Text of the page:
The Mahaica River provides a connecting corridor for avian and riverine wildlife. Threats come and go, but the river is a highway along which animals and birds can move to safety.

The small four-stroke outboard motor is quiet enough for us to hear the morning birdsong. One hundred and fifty-eight species have been counted so far along this river. In just two hours, we see thirty-five of these, mostly multiple individuals in small flocks. Tiny ring-necked seedeaters flit at the river’s edge, while three species of flycatcher and two species of kingfisher perch on overhanging branches. Nests of yellow orioles swing from the smaller trees, and rufous and black hawks show their backs as they stand in the taller treetops, beautiful bars across their backs, more pronounced at the tail. Three species of woodpecker knock holes in dead and dying tree trunks, probing for grubs — their scarlet crests brilliant in the growing sunlight.

Among the bushes, greater and lesser anis show their dense black and blue plumage and laterally flattened bills. Great and lesser kiskadees call repeatedly, while brown cuckoos sit quietly in the rising sun, a small hummingbird zips between the flowers of false cocoa, and male red-capped cardinals lead the more subdued females through the undergrowth. Chachalacas peer from low trees into the stands of moko-moko.

Overhead, two or three kinds of pigeon fly cautiously from tree to tree while broad-winged hawks circle and vultures patrol higher up. As the sun ascends in the sky, pairs and trios of Amazon parrots cross the river heading east, while small flocks of parakeets fly west. Sunlight flares into the tree canopy, shining off the red-brown fur of silent families of red howler monkeys, known in Guyana as baboons. Our guide Ramesh tries calling to them, but fails to provoke a response from the big bearded males who watch calmly as the boat glides below.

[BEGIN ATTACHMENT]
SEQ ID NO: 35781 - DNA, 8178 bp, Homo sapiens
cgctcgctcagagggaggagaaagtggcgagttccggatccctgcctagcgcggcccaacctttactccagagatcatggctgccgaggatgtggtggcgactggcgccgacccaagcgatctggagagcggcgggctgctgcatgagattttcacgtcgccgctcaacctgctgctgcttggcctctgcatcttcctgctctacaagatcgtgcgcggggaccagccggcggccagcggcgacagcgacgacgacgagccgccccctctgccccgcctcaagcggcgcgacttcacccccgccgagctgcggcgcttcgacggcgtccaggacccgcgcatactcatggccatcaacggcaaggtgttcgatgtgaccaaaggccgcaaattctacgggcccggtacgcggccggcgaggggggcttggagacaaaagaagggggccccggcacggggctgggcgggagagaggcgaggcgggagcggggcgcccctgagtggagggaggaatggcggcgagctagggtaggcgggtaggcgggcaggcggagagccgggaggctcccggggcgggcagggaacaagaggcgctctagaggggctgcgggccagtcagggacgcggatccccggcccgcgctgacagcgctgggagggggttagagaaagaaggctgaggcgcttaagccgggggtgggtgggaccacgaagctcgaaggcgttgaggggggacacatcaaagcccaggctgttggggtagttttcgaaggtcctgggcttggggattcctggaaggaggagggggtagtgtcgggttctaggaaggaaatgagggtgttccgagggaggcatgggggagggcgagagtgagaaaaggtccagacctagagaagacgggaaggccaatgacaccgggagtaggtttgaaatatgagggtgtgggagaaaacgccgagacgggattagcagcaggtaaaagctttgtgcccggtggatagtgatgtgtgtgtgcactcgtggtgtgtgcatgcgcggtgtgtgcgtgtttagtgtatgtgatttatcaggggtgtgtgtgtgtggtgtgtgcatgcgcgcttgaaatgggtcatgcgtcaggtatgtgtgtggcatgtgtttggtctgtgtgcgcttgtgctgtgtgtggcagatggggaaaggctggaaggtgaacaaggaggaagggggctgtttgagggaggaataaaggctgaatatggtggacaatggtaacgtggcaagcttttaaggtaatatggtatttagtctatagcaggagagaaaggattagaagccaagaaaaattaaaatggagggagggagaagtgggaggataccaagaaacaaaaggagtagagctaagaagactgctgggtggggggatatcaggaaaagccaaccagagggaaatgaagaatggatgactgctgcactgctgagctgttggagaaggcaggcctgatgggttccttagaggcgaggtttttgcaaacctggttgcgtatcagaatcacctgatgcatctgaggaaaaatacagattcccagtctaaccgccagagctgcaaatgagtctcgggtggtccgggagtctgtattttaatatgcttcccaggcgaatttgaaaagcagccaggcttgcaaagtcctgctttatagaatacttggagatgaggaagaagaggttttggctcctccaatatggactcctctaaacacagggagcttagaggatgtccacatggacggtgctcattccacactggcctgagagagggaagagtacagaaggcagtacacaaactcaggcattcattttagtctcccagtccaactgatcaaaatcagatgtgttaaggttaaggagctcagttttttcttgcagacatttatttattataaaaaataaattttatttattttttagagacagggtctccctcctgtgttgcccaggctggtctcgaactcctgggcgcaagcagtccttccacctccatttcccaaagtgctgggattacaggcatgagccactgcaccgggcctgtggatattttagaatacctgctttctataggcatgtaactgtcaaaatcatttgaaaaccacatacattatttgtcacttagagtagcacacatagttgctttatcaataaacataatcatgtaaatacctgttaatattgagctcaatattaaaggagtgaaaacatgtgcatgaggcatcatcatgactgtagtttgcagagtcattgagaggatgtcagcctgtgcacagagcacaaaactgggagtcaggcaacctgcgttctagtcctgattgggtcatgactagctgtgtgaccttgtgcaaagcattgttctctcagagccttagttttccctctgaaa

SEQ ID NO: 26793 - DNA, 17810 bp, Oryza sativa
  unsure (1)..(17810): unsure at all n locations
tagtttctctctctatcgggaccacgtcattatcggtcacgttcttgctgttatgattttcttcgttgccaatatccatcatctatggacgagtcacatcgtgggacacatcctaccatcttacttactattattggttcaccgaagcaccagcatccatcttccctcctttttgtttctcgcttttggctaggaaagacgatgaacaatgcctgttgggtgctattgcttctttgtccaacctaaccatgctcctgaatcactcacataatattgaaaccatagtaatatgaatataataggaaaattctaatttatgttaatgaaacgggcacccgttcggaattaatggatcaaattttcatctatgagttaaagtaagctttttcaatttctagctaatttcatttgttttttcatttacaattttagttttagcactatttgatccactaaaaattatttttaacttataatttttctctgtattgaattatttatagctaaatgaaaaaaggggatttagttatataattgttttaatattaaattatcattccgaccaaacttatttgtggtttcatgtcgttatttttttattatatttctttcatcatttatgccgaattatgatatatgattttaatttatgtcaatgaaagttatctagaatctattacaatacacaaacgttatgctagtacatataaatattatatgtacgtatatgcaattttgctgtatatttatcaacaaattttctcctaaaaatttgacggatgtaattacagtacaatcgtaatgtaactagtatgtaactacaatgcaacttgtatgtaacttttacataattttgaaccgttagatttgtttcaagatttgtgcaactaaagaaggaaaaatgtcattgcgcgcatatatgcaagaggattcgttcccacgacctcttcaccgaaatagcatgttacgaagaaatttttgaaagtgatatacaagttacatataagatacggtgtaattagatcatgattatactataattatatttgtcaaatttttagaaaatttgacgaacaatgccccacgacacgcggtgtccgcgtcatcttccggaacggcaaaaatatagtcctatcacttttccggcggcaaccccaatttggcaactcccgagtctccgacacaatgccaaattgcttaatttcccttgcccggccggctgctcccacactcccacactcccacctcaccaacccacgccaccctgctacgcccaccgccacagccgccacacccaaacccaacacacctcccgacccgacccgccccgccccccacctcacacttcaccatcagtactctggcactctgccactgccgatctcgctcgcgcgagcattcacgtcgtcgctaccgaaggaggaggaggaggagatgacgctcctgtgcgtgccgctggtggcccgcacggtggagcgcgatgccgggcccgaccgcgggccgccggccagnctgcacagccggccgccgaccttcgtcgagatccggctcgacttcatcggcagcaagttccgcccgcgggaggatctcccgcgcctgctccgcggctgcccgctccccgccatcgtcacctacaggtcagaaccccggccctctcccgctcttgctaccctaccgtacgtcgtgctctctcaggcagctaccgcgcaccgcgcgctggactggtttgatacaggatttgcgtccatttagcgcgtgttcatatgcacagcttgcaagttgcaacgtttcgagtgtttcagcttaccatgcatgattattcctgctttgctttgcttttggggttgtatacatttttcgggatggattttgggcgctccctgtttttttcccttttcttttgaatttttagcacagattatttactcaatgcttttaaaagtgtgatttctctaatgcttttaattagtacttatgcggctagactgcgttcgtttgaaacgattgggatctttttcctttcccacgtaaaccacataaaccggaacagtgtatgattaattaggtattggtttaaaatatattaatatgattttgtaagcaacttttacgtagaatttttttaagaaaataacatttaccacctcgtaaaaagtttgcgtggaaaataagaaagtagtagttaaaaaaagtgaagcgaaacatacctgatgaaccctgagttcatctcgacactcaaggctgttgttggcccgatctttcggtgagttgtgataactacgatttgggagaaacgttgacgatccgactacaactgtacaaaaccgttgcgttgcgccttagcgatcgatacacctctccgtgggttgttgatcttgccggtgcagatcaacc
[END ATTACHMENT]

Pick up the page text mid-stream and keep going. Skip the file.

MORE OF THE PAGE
We turn around just south of the upper limit of farming along the river, as the banks became more densely wooded and the birds more difficult to see. Speeding back downstream, the experienced eyes of Ramesh spot other birds we failed to notice on the way up, or which can be seen more easily now in full daylight. If you’re lucky, Ramesh tells us, you might even catch a glimpse of otters frolicking in the river — but today we have no such luck.

We stop for a late breakfast of fried bangamary (a river fish) and plantain chips at the river restaurant and pool bar, where we hear about the popular whole-day catch-and-release fishing trips run by the same Mahaica River Birding Tours, looking for tarpon and the peacock bass. The fishing is better when the river level is falling, pulling the fish out of their spawning areas in the flooded savannah behind the farmlands.

As if we needed another reason to come back.

 

For more information about Mahaica River Birding Tours at dawn or dusk, visit www.mahaicatours.com